The Mayflower II might not be safe for visitors in several years unless an ambitious fund-raising campaign reaches its goal to restore the 60-year-old replica of the ship that carried the Pilgrims to Plymouth, according to the vessel's owner.
That campaign is $3 million short of the $7.5 million goal it has set for Nov. 15, according to Kate Sheehan, spokeswoman for Plimoth Plantation, the nonprofit organization that operates the ship.
Plimoth Plantation officials said they are confident the goal will be reached. However, they added that the money is critical if Mayflower II, which has attracted 25 million visitors since its arrival in 1957, is to continue its educational mission -- let alone sail again for the 400th anniversary of the Pilgrims' landing in 2020.
"The ship would, at some point, very quickly become beyond saving," said Whit Perry, director of maritime preservation and operations for Plimoth Plantation. "It's not an option not to complete the preservation effort on this national icon."
The needs of the ship are daunting, and not only because Mayflower II sits in the mud of Plymouth Harbor about four to six hours a day during low tide.
A land-based insect -- the wharf-boring beetle -- has invaded the wood and much of the hull is rotting. About 60 percent of the planking below the waterline must be replaced, Sheehan said. New framing also is needed, as well as a sizable chunk of the deck.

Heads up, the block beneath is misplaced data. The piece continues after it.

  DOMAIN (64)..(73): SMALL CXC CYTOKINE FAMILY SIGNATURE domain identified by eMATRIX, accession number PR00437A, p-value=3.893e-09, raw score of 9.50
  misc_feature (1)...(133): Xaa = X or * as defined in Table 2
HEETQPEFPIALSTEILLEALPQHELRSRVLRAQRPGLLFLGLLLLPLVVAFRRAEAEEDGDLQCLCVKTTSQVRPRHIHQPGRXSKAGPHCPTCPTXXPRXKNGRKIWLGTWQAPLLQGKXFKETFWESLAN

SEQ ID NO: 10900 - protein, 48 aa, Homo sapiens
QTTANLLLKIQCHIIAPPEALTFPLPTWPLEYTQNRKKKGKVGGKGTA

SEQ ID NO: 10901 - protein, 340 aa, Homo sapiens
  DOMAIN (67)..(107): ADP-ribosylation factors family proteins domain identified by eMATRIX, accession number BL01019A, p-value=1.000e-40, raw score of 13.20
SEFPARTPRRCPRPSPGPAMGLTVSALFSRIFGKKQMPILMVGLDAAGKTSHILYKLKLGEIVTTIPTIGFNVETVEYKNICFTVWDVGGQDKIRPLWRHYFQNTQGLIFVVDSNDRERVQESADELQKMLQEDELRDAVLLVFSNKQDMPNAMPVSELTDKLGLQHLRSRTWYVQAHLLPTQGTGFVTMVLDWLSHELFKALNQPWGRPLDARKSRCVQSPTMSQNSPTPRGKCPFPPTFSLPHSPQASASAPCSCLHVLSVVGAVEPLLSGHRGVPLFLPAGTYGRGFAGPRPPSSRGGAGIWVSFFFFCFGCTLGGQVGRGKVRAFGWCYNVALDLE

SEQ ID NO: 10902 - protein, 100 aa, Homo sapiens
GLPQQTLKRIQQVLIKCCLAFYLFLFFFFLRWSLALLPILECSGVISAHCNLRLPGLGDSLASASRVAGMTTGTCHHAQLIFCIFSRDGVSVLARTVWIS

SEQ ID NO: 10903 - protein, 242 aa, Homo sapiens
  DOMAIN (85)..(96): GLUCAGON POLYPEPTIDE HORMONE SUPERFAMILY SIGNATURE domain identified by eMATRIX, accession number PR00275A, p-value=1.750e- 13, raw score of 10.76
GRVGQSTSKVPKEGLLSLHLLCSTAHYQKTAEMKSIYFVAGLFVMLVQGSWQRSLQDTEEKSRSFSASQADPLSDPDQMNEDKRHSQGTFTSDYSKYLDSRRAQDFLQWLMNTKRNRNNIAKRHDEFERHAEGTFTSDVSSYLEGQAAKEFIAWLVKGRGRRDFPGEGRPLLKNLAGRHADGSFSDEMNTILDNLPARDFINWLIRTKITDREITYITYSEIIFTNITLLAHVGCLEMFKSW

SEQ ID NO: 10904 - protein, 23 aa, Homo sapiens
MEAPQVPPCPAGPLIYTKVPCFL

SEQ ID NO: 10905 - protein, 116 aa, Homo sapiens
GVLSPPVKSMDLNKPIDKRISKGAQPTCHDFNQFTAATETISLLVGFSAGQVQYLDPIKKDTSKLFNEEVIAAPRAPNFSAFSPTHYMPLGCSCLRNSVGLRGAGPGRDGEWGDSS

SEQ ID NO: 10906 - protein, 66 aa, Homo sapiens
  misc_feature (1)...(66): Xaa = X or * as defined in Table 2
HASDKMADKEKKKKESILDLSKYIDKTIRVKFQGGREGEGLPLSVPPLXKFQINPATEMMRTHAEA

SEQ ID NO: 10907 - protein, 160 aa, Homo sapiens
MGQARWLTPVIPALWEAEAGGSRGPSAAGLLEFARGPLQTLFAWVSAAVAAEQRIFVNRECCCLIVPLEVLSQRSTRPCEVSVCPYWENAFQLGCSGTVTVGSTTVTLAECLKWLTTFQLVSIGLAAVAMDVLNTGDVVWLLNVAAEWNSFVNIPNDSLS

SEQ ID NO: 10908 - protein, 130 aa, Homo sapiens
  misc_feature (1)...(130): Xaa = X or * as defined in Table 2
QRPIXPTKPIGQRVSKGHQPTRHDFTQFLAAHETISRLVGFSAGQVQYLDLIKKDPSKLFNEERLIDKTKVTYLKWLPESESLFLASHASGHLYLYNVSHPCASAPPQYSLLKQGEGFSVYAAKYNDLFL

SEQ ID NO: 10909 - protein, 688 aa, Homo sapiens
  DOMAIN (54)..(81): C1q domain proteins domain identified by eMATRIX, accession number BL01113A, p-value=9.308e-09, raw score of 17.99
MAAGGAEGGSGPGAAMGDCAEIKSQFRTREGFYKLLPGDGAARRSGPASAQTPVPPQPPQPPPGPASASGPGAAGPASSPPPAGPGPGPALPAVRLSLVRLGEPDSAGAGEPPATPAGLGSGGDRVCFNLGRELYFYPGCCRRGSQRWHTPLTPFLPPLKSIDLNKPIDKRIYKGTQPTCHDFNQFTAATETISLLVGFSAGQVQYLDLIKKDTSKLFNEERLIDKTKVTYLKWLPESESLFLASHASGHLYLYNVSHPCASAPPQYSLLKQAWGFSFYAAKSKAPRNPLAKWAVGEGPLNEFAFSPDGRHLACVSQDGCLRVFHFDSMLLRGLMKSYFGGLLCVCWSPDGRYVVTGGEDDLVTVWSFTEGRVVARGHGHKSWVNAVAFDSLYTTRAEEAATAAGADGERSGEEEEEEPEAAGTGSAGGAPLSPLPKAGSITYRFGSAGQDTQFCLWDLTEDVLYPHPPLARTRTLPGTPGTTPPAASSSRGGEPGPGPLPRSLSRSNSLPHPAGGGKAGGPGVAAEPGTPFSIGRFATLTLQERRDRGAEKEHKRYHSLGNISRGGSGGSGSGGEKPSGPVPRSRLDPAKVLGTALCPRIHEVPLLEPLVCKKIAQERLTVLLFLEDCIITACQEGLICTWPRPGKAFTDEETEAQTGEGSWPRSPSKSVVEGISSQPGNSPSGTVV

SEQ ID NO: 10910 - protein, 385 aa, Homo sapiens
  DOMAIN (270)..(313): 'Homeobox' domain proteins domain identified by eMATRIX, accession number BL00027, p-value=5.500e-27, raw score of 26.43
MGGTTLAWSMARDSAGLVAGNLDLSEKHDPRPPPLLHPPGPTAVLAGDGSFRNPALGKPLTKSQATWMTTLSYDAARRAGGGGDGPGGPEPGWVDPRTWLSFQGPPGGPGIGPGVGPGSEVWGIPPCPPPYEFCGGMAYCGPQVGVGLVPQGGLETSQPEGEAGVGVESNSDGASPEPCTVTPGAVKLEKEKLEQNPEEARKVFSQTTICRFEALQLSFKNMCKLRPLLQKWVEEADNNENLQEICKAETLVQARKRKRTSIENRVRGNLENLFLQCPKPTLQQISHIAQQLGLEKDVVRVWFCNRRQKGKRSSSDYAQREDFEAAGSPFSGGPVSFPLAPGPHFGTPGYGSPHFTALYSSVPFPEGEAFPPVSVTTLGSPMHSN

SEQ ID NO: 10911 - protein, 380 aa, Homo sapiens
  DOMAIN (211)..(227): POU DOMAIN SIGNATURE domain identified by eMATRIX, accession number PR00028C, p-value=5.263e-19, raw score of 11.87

The ship currently remains open for visitors.
However, a leading marine surveyor has told Plimoth Plantation that "if we do not embark on this restoration, its days are numbered," said Perry, who also is captain and master of the Mayflower II.
"The greatest risk is that she would not be able to remain at her berth and be boarded by hundreds of thousands of visitors a year," Sheehan said.
That assessment comes three months after the ship returned from extensive repairs at the Henry B. DuPont Preservation Shipyard in Mystic, Conn. Workers replaced the half-deck and topmast rigging while restoring the space where the Mayflower's passengers would have been confined, called a "tween deck."
The plan is to send the ship back to Mystic for another round of extensive repairs, with the expectation that the Mayflower II could sail again before 2020. The 106-foot vessel has not sailed since spring 2014, when the excursion was filmed for a Ric Burns documentary.
Sheehan said that reaching the fund-raising goal of $7.5 million would trigger an additional $1.5 million from an anonymous donor. That gift would help close the gap toward an overall $12 million target that Sheehan said would help pay for future operating costs and maintenance.
"There's a tremendous amount that goes into this," Sheehan said.
That includes searching the world for timber needed as replacements. There is "defect-free oak," some of which has been purchased from the Danish Royal Forest, Sheehan said. There is white oak needed for joints. And then there is Douglas fir, which will come primarily from the Pacific Northwest.
Despite the current shortfall, Plimoth Plantation officials said they expect Mayflower II will be towed to Mystic in November. "We are working with the assumption that we are going to close the gap somehow," Sheehan said.
The ship has become a centerpiece of Plymouth Harbor since it sailed to Massachusetts from England 59 years ago. The vessel was built with donations from the British people and sent overseas to acknowledge the historic ties between the countries and also as gratitude for American support during World War II.
Brian MacQuarrie can be reached at firstname.lastname@example.org.